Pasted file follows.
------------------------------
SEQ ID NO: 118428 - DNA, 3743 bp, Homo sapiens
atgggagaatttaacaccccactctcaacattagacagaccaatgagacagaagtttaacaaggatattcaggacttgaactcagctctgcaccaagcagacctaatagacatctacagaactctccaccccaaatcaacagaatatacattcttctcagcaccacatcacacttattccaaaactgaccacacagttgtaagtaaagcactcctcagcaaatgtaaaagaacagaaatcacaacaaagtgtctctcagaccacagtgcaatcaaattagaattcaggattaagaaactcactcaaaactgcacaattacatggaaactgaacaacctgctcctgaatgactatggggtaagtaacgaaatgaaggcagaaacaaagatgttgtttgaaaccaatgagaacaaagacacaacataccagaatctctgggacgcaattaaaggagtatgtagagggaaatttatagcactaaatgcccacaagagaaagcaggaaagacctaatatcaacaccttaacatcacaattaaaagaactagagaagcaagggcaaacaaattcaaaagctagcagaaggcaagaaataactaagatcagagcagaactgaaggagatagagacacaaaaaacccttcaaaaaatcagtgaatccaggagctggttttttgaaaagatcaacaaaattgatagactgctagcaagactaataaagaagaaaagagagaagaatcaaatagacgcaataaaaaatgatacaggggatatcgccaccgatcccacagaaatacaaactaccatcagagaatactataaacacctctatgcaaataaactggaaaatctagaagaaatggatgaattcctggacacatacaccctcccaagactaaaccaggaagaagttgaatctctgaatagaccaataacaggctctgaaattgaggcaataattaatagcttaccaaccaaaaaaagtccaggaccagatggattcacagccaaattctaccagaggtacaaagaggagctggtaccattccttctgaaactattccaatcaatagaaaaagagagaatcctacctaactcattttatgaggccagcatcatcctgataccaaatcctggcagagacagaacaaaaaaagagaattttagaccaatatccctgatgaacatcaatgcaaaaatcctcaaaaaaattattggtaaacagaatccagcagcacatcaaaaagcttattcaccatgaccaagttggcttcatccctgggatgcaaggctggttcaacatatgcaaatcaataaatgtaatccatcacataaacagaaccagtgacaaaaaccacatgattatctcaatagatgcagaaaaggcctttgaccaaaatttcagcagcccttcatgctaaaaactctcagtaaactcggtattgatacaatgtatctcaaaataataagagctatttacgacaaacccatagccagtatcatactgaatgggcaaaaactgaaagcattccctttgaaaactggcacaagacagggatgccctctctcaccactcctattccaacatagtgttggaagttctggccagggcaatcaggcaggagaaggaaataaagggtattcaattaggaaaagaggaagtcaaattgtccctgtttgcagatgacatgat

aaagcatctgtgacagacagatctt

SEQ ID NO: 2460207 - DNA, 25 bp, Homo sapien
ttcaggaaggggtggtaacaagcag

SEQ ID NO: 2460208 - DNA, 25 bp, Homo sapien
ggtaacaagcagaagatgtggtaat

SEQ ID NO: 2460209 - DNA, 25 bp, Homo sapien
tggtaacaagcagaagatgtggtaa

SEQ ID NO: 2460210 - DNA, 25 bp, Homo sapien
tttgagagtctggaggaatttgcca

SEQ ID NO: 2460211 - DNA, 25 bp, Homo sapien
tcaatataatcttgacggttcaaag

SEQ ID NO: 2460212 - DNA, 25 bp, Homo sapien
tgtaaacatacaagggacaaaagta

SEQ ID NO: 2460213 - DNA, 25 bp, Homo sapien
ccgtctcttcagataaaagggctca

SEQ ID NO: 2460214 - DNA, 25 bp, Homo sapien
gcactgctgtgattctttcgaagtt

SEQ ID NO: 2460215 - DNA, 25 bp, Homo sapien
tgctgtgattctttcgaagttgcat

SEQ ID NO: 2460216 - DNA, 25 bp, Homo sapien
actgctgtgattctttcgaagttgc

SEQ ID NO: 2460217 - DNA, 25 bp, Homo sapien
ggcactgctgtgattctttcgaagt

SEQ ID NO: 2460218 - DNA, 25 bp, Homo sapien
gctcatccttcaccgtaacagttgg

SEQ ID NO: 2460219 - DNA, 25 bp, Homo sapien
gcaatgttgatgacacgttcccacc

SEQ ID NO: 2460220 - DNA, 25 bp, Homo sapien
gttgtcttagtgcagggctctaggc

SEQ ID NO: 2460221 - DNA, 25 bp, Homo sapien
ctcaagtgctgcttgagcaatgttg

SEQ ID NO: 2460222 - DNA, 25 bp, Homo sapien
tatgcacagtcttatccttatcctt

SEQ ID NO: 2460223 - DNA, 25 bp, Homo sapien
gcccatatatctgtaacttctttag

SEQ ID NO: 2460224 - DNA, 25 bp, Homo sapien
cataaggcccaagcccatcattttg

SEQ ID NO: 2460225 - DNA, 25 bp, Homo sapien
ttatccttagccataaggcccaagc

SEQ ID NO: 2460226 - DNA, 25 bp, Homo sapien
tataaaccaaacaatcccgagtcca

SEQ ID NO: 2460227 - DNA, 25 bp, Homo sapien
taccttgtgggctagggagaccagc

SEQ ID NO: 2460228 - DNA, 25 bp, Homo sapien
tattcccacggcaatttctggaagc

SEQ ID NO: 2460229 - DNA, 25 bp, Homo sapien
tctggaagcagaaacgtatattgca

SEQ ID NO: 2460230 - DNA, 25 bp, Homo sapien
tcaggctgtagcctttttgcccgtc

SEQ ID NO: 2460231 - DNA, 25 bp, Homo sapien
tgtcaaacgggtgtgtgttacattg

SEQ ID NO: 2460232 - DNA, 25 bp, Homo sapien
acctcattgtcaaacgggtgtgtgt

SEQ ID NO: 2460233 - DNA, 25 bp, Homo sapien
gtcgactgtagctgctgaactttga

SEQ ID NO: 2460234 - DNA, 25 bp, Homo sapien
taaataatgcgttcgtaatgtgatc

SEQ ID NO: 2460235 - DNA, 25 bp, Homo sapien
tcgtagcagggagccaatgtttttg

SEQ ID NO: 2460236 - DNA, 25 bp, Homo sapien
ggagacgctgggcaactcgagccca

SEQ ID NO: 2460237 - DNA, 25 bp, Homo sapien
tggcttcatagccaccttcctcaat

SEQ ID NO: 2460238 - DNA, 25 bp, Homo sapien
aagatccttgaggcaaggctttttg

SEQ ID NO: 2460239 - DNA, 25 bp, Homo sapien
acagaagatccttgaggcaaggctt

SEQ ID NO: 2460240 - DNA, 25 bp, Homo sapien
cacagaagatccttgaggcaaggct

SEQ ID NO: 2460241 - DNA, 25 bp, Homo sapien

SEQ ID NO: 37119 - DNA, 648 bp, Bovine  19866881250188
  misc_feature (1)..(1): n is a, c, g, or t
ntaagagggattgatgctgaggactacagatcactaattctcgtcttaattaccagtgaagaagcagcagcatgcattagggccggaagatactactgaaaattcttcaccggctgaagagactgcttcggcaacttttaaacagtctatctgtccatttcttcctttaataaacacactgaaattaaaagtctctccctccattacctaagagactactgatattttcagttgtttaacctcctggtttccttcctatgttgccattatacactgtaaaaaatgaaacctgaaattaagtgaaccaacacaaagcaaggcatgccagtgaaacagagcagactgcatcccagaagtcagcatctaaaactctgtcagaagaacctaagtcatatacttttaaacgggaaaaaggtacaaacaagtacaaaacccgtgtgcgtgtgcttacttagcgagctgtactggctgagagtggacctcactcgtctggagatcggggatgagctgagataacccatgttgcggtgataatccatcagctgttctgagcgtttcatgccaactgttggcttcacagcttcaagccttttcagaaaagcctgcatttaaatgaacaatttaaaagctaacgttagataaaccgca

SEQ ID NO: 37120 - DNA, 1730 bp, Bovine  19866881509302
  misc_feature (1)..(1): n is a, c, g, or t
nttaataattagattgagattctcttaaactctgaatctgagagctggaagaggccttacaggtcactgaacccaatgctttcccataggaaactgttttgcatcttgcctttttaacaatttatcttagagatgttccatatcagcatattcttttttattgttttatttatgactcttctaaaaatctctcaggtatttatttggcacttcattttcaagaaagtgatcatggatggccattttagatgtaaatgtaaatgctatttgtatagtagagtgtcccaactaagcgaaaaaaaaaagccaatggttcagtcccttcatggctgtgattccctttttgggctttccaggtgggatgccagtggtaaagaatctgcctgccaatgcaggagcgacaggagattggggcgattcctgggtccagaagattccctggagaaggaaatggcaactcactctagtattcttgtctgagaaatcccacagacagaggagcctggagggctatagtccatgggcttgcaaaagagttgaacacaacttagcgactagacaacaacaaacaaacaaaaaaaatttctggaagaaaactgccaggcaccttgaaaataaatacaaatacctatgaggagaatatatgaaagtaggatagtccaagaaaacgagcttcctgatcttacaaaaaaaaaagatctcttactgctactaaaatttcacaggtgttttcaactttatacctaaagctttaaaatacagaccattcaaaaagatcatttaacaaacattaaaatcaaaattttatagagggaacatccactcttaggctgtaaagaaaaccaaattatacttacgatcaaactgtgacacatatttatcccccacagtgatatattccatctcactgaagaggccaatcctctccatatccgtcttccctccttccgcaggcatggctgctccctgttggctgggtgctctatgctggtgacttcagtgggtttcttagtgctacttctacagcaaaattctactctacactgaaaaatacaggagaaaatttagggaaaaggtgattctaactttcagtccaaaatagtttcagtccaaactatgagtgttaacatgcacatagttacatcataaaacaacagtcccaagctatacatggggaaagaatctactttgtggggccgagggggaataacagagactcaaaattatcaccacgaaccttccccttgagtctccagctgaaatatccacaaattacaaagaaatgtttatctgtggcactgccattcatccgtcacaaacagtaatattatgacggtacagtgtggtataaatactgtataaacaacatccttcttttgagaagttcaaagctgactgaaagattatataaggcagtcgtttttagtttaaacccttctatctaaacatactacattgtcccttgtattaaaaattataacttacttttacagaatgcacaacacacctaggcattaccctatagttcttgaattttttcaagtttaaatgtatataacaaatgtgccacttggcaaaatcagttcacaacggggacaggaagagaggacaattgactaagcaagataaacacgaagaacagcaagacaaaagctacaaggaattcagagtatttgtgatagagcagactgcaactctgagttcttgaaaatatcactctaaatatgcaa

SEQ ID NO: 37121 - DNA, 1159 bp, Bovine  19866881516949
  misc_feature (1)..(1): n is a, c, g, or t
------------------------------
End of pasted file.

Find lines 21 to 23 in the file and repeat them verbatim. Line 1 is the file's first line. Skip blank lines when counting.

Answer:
tgctgtgattctttcgaagttgcat

SEQ ID NO: 2460216 - DNA, 25 bp, Homo sapien
actgctgtgattctttcgaagttgc